The joint opinion was published by the European Data Protection Board (EDPB) and the European Data Protection Supervisor (EDPS) on Monday.
“The EDPB and the EDPS call for a general ban on any use of AI for automated recognition of human features in publicly accessible spaces, such as recognition of faces, gait, fingerprints, DNA, voice, keystrokes and other biometric or behavioral signals,” the two watchdogs said.
Remote biometric identification, and, in particular, use of AI for such purposes, pose extremely high risks for European society and its values, the watchdogs warned. A blanket ban on facial recognition tech should be the first step to avoid turning into a high-tech dystopia, they argue.
“A general ban on the use of facial recognition in publicly accessible areas is the necessary starting point if we want to preserve our freedoms and create a human-centric legal framework for AI,” the heads of the two watchdogs said, in a joint statement.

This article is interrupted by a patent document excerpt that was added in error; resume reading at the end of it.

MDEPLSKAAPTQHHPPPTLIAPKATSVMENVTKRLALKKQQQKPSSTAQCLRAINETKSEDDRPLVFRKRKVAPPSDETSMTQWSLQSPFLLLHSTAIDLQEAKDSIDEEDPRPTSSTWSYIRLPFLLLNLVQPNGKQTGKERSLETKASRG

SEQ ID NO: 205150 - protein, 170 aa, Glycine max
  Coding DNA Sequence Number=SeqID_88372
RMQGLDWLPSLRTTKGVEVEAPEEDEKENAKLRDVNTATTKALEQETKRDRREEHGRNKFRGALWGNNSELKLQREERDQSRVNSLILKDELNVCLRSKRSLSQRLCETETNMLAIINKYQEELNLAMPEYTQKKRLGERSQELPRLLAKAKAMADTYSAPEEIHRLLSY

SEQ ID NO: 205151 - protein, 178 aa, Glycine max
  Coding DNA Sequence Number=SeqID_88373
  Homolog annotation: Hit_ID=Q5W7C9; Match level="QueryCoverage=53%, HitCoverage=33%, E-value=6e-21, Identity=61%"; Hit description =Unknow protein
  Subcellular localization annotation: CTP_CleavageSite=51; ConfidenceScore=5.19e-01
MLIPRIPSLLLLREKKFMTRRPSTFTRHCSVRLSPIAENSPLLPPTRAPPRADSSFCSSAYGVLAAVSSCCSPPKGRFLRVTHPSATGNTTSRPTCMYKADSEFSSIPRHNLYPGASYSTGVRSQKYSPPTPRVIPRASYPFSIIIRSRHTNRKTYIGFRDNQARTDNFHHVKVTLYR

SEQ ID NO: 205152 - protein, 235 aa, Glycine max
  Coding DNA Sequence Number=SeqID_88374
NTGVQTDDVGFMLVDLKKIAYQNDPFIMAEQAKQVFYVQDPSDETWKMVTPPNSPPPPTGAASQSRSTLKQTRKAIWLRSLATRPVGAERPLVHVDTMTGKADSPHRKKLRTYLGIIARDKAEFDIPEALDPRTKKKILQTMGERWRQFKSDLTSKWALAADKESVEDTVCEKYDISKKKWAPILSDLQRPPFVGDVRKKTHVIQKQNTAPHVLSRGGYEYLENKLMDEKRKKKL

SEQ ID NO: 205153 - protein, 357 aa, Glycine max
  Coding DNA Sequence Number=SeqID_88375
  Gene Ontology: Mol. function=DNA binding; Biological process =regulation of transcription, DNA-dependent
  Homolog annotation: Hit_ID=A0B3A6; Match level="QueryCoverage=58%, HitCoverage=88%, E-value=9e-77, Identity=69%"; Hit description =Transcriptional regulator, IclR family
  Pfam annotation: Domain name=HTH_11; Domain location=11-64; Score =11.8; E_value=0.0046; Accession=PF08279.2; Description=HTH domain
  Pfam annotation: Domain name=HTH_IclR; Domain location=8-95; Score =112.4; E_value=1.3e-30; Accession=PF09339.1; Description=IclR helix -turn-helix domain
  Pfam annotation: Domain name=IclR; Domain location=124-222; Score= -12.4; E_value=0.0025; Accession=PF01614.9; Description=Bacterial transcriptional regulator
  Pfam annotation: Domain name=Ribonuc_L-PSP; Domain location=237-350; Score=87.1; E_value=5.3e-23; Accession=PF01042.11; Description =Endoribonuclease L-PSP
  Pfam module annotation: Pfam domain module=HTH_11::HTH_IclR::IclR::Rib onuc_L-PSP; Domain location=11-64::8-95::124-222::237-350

While non-binding, the pair’s joint opinion could influence the EU’s proposed regulation on AI use, though the watchdogs took a significantly tougher stance on recognition tech, even compared to the already-tough proposed legislation.
New rules on artificial intelligence proposed by the European Commission back in April envision a ban on most surveillance tech. However, they would still allow the use of some AI applications for security purposes, such as law enforcement or migration control.
Suppliers of such tech, however, are expected to be put under very strict safeguards, with proposed fines for breaches as large as 6% of a company’s global turnover.